Welcome to my blog, a forum for thoughts about growing old gifted. It was my honor as a member of various gifted organizations to advocate for the recognition and needs of gifted individuals across the lifespan. Until quite recently, the focus of those who work in the field of giftedness was on the gifted child and adolescent. In the last few years, researchers and advocates began to write more about the characteristics and needs of the gifted adult. Presently, interest is growing regarding the specific needs of aging gifted individuals.
A few years ago, I wrote the following words as part of SENG’s (Supporting Emotional Needs of the Gifted) “100 Words of Wisdom” project.
“We did not hear the word gifted as a child. We thought we were odd. Even as we age, it is difficult to say aloud, “I am a gifted adult.” We realize the differences in our reasoning, but mostly in our feelings. When loved ones hurt, we feel physical pain. A breathtaking sunset brings tears to our eyes. We lie awake at night, wishing we could set things right in the world. We labor to internalize the wisdom of Candide to tend our own garden; and, when we do so, it is with an intensity that could ignite the universe.”
The numerous responses I received to those mere one hundred words were an impetus to my own reflections on the many gifted adults and gifted elders that I have known and who have touched my journey so deeply. My mentor, Annemarie Roeper, in her book Beyond Old Age, wrote of her experience as an aging gifted adult. “Much has been said and written and researched about gifted children. Gifted adolescents also have a place in the consciousness of researchers. But it seems that there is a dearth of information when it comes to the gifted adult and giftedness in old age has not, as yet, caught our attention as a worthwhile subject of investigation. All elders have the task of keeping their minds carefully trained, and to keep on using them” (Roeper, 2011, 23).
Annemarie’s words bring me to the reason and rationale for this blog. Through this window I intend to share with you, the reader, and the entire gifted community, the current thoughts and research regarding gifted elders, their characteristics, their strengths, and their lives. It is my hope that we may awaken an awareness of the needs of gifted elders to have family and caregivers who acknowledge and honor their giftedness and who understand that, just as gifted students need differentiated learning experiences that respond to their unique needs, our gifted elders need responsive communities and residences that respond to the intensities and the wisdom or our gifted elders.
Navan, J. (archived). 100 Words of Wisdom. Archived online at: http://sengifted.org/archives/articles/100-words-of-wisdom-joy-navan
Roeper, A. (2011). Beyond old age: Essays on living and dying. Berkeley, CA: Azalea Press.
11 thoughts on “On Gifted Elders ~ A Beginning…”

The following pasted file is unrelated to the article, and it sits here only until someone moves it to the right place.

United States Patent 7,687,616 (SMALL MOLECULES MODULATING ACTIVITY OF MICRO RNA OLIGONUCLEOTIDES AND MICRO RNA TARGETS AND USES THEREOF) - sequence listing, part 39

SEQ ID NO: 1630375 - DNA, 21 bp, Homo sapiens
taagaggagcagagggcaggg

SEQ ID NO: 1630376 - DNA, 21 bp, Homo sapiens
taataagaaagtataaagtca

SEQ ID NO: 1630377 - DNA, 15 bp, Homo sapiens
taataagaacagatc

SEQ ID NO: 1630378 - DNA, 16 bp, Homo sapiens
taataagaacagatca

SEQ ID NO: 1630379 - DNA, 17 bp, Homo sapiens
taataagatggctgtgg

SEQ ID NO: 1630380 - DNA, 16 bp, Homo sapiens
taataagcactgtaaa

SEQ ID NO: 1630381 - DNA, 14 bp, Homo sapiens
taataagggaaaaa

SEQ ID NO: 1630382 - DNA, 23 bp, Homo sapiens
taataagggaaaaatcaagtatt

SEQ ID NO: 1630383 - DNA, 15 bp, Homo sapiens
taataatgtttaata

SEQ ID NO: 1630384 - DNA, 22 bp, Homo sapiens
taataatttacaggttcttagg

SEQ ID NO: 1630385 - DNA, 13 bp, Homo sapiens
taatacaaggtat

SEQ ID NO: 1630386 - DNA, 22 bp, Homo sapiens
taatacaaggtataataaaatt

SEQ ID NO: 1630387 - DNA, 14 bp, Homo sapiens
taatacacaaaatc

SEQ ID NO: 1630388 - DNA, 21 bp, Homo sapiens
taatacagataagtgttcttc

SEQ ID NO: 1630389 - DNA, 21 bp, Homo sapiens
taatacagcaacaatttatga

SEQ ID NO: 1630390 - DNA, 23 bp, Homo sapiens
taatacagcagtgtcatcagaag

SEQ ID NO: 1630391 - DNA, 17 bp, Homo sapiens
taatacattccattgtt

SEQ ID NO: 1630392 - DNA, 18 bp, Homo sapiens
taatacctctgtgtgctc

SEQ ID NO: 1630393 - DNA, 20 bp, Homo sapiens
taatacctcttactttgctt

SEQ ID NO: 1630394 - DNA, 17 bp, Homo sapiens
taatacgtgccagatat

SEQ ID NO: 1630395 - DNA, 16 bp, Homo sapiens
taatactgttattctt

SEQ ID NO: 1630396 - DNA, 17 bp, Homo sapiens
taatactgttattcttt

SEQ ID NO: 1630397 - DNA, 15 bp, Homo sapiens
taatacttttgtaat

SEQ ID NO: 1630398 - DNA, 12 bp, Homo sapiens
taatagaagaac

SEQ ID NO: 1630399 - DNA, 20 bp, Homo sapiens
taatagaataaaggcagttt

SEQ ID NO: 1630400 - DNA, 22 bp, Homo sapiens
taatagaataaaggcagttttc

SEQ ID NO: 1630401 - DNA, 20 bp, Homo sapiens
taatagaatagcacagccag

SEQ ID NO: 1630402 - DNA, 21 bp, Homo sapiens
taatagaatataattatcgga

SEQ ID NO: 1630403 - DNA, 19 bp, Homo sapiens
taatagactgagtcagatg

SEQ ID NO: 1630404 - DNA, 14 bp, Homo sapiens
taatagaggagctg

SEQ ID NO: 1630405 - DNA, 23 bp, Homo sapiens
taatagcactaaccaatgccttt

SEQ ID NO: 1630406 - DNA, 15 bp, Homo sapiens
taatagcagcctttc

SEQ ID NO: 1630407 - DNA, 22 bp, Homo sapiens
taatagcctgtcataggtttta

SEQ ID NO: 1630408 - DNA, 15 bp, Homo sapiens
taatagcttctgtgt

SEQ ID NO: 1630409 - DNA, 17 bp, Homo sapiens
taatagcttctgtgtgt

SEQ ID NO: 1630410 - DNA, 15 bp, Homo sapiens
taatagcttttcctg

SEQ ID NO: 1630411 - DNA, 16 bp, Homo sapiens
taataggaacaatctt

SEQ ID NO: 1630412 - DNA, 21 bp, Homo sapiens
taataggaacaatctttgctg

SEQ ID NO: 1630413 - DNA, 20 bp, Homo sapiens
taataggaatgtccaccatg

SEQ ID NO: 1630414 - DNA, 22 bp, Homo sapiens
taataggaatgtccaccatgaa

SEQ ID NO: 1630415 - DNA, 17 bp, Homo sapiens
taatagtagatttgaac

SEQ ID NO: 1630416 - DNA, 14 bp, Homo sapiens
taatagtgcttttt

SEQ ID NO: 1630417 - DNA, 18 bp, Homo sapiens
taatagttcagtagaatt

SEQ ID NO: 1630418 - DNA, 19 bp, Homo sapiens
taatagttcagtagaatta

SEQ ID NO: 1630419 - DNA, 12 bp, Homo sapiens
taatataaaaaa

Like. Older people tend to be more and more invisible anyway, and having a mind makes it worse.
Thank you for this, Joy! You are a true light in this world! xoxoxo
Thank you, Karen, for your kind words. You have noticed, the subtitle of the blog is “Finding Joy in the Journey.” This is as much a learning process for me as it is for my readers.
Joy, your blog is a welcome addition to the work on giftedness. Giftedness is so focused on children, that adults and elders are unintentionally marginalized.
Thank you for adding to our knowledge. I look forward to learning more!
Thank you, Lisa! It is my hope that my posts may benefit so many who need differentiated services, just like our gifted kids do.
Hi Joy. I’m so glad that you’ve started blogging. I think you’ll find that it’s quite rewarding. Welcome to WordPress!
I must admit, Paula, that you and Lisa are hard acts to follow. Thanks!
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Hurray for this post, Joy–and for your blog. I do remember very well discovering the problems of “elder” gifted from my beloved mother-in-law, even before learning about it from Annemarie. Lois was in a “retirement” village, and I suddenly realized that being elder gifted could be exactly that going back to first grade–where the only reason the individuals were gathered together was age. Nobody to talk till until–thank goodness–she found a gentleman friend, a gifted painter. She lost him too soon (another problem about socializing as an elder) but her whole time there was an eye-opener for me. Also, a hint: For those elders who might be reading your blog, it would help if you changed the font color to black, as gray doesn’t show up a well on the white background!
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Thank you, Stef, for both the affirmation and the suggestion on the font.
Hi Joy! I’m so excited to see your blog! You have so much knowledge and experience to contribute. Your topic is very near and dear to me. My elderly father passed away 2 years ago, and my mother is feisty,independent, and about to turn 90. I look forward to hearing your warm wisdom.
Thank you Marianne. I am honored to receive your affirmation!